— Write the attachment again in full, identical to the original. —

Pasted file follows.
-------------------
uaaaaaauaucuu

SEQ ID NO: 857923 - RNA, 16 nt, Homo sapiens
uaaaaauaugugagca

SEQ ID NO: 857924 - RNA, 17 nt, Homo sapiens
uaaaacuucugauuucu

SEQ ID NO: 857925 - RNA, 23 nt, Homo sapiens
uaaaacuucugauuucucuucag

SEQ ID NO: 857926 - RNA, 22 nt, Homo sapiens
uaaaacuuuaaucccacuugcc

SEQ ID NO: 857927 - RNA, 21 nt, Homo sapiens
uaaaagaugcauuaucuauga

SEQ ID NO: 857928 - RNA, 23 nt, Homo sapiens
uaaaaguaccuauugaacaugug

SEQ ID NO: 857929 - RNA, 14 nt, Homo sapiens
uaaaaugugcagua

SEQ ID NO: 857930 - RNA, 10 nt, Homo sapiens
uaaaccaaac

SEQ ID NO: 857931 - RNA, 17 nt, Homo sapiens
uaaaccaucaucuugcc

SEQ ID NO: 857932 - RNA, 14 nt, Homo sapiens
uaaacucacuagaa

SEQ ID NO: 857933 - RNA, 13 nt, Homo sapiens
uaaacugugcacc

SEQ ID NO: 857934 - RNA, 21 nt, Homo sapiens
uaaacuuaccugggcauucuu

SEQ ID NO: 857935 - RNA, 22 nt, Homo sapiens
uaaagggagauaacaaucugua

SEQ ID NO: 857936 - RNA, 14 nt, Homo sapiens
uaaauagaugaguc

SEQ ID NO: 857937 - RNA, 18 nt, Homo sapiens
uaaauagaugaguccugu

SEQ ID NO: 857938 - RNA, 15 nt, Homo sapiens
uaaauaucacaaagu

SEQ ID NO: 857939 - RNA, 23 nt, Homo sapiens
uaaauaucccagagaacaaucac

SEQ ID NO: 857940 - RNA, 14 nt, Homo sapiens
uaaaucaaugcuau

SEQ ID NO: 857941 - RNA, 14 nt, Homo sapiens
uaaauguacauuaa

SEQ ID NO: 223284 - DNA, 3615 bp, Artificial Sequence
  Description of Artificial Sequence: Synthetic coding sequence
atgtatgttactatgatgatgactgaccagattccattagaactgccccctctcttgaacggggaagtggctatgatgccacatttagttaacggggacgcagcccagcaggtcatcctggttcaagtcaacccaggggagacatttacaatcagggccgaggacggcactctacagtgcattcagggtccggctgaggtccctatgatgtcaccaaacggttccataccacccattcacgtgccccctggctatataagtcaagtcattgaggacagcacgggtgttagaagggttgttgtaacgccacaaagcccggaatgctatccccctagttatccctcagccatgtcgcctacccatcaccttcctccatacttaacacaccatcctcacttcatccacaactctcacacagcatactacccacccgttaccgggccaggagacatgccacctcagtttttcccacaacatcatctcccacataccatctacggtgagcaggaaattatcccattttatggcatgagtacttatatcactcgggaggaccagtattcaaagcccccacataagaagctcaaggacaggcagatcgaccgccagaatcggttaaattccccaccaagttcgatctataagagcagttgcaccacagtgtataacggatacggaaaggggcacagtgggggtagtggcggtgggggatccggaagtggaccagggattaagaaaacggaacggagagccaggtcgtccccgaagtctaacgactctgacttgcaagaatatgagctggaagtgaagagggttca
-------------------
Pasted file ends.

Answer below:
uaaaaaauaucuu

SEQ ID NO: 857923 - RNA, 16 nt, Homo sapiens
uaaaaauaugugagca

SEQ ID NO: 857924 - RNA, 17 nt, Homo sapiens
uaaaacuucugauuucu

SEQ ID NO: 857925 - RNA, 23 nt, Homo sapiens
uaaaacuucugauuucucuucag

SEQ ID NO: 857926 - RNA, 22 nt, Homo sapiens
uaaaacuuuaaucccacuugcc

SEQ ID NO: 857927 - RNA, 21 nt, Homo sapiens
uaaaagaugcauuaucuauga

SEQ ID NO: 857928 - RNA, 23 nt, Homo sapiens
uaaaaguaccuauugaacaugug

SEQ ID NO: 857929 - RNA, 14 nt, Homo sapiens
uaaaaugugcagua

SEQ ID NO: 857930 - RNA, 10 nt, Homo sapiens
uaaaccaaac

SEQ ID NO: 857931 - RNA, 17 nt, Homo sapiens
uaaaccaucaucuugcc

SEQ ID NO: 857932 - RNA, 14 nt, Homo sapiens
uaaacucacuagaa

SEQ ID NO: 857933 - RNA, 13 nt, Homo sapiens
uaaacugugcacc

SEQ ID NO: 857934 - RNA, 21 nt, Homo sapiens
uaaacuuaccugggcauucuu

SEQ ID NO: 857935 - RNA, 22 nt, Homo sapiens
uaaagggagauaacaaucugua

SEQ ID NO: 857936 - RNA, 14 nt, Homo sapiens
uaaauagaugaguc

SEQ ID NO: 857937 - RNA, 18 nt, Homo sapiens
uaaauagaugaguccugu

SEQ ID NO: 857938 - RNA, 15 nt, Homo sapiens
uaaauaucacaaagu

SEQ ID NO: 857939 - RNA, 23 nt, Homo sapiens
uaaauaucccagagaacaaucac

SEQ ID NO: 857940 - RNA, 14 nt, Homo sapiens
uaaaucaaugcuau

SEQ ID NO: 857941 - RNA, 14 nt, Homo sapiens
uaaauguacauuaa

SEQ ID NO: 223284 - DNA, 3615 bp, Artificial Sequence
  Description of Artificial Sequence: Synthetic coding sequence
atgtatgttactatgatgatgactgaccagattccattagaactgccccctctcttgaacggggaagtggctatgatgccacatttagttaacggggacgcagcccagcaggtcatcctggttcaagtcaacccaggggagacatttacaatcagggccgaggacggcactctacagtgcattcagggtccggctgaggtccctatgatgtcaccaaacggttccataccacccattcacgtgccccctggctatataagtcaagtcattgaggacagcacgggtgttagaagggttgttgtaacgccacaaagcccggaatgctatccccctagttatccctcagccatgtcgcctacccatcaccttcctccatacttaacacaccatcctcacttcatccacaactctcacacagcatactacccacccgttaccgggccaggagacatgccacctcagtttttcccacaacatcatctcccacataccatctacggtgagcaggaaattatcccattttatggcatgagtacttatatcactcgggaggaccagtattcaaagcccccacataagaagctcaaggacaggcagatcgaccgccagaatcggttaaattccccaccaagttcgatctataagagcagttgcaccacagtgtataacggatacggaaaggggcacagtgggggtagtggcggtgggggatccggaagtggaccagggattaagaaaacggaacggagagccaggtcgtccccgaagtctaacgactctgacttgcaagaatatgagctggaagtgaagagggttca